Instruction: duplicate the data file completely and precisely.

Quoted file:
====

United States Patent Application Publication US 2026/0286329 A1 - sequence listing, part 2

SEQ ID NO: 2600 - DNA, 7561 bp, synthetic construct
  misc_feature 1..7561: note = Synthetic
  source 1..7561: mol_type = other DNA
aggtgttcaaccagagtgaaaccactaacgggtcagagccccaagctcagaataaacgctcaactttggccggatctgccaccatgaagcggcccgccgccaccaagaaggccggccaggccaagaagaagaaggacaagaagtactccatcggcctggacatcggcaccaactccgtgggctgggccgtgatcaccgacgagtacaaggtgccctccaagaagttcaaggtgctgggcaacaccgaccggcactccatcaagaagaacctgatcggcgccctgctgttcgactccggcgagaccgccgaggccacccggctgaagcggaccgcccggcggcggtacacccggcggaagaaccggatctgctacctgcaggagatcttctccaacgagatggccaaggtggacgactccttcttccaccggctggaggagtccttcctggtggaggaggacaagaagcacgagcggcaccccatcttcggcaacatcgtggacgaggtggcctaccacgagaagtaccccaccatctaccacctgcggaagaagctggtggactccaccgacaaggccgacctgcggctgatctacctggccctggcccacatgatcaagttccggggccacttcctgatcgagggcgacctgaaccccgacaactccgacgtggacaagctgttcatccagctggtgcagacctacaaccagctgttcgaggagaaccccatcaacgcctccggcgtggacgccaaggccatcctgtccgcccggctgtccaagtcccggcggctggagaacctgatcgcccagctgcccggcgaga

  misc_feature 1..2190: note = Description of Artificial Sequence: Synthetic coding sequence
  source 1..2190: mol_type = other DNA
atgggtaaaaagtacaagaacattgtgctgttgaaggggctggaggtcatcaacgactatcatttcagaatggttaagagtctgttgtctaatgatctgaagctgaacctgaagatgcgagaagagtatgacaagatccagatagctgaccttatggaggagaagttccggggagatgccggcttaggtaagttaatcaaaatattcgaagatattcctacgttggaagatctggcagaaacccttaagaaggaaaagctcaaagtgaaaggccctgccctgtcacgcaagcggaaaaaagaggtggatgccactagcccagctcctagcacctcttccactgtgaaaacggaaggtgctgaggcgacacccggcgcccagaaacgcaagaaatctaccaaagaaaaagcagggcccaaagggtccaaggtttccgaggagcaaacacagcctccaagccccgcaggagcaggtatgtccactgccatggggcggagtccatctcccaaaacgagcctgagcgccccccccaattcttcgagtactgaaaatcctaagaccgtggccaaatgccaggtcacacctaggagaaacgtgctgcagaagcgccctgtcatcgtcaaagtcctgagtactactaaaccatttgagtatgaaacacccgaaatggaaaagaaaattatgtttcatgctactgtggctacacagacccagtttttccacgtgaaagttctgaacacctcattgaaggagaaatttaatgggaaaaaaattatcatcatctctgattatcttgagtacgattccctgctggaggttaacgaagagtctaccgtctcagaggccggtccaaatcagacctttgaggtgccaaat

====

United States Patent Application Publication US 2026/0286329 A1 - sequence listing, part 2

SEQ ID NO: 2600 - DNA, 7561 bp, synthetic construct
  misc_feature 1..7561: note = Synthetic
  source 1..7561: mol_type = other DNA
aggtgttcaaccagagtgaaaccactaacgggtcagagccccaagctcagaataaacgctcaactttggccggatctgccaccatgaagcggcccgccgccaccaagaaggccggccaggccaagaagaagaaggacaagaagtactccatcggcctggacatcggcaccaactccgtgggctgggccgtgatcaccgacgagtacaaggtgccctccaagaagttcaaggtgctgggcaacaccgaccggcactccatcaagaagaacctgatcggcgccctgctgttcgactccggcgagaccgccgaggccacccggctgaagcggaccgcccggcggcggtacacccggcggaagaaccggatctgctacctgcaggagatcttctccaacgagatggccaaggtggacgactccttcttccaccggctggaggagtccttcctggtggaggaggacaagaagcacgagcggcaccccatcttcggcaacatcgtggacgaggtggcctaccacgagaagtaccccaccatctaccacctgcggaagaagctggtggactccaccgacaaggccgacctgcggctgatctacctggccctggcccacatgatcaagttccggggccacttcctgatcgagggcgacctgaaccccgacaactccgacgtggacaagctgttcatccagctggtgcagacctacaaccagctgttcgaggagaaccccatcaacgcctccggcgtggacgccaaggccatcctgtccgcccggctgtccaagtcccggcggctggagaacctgatcgcccagctgcccggcgaga

  misc_feature 1..2190: note = Description of Artificial Sequence: Synthetic coding sequence
  source 1..2190: mol_type = other DNA
atgggtaaaaagtacaagaacattgtgctgttgaaggggctggaggtcatcaacgactatcatttcagaatggttaagagtctgttgtctaatgatctgaagctgaacctgaagatgcgagaagagtatgacaagatccagatagctgaccttatggaggagaagttccggggagatgccggcttaggtaagttaatcaaaatattcgaagatattcctacgttggaagatctggcagaaacccttaagaaggaaaagctcaaagtgaaaggccctgccctgtcacgcaagcggaaaaaagaggtggatgccactagcccagctcctagcacctcttccactgtgaaaacggaaggtgctgaggcgacacccggcgcccagaaacgcaagaaatctaccaaagaaaaagcagggcccaaagggtccaaggtttccgaggagcaaacacagcctccaagccccgcaggagcaggtatgtccactgccatggggcggagtccatctcccaaaacgagcctgagcgccccccccaattcttcgagtactgaaaatcctaagaccgtggccaaatgccaggtcacacctaggagaaacgtgctgcagaagcgccctgtcatcgtcaaagtcctgagtactactaaaccatttgagtatgaaacacccgaaatggaaaagaaaattatgtttcatgctactgtggctacacagacccagtttttccacgtgaaagttctgaacacctcattgaaggagaaatttaatgggaaaaaaattatcatcatctctgattatcttgagtacgattccctgctggaggttaacgaagagtctaccgtctcagaggccggtccaaatcagacctttgaggtgccaaat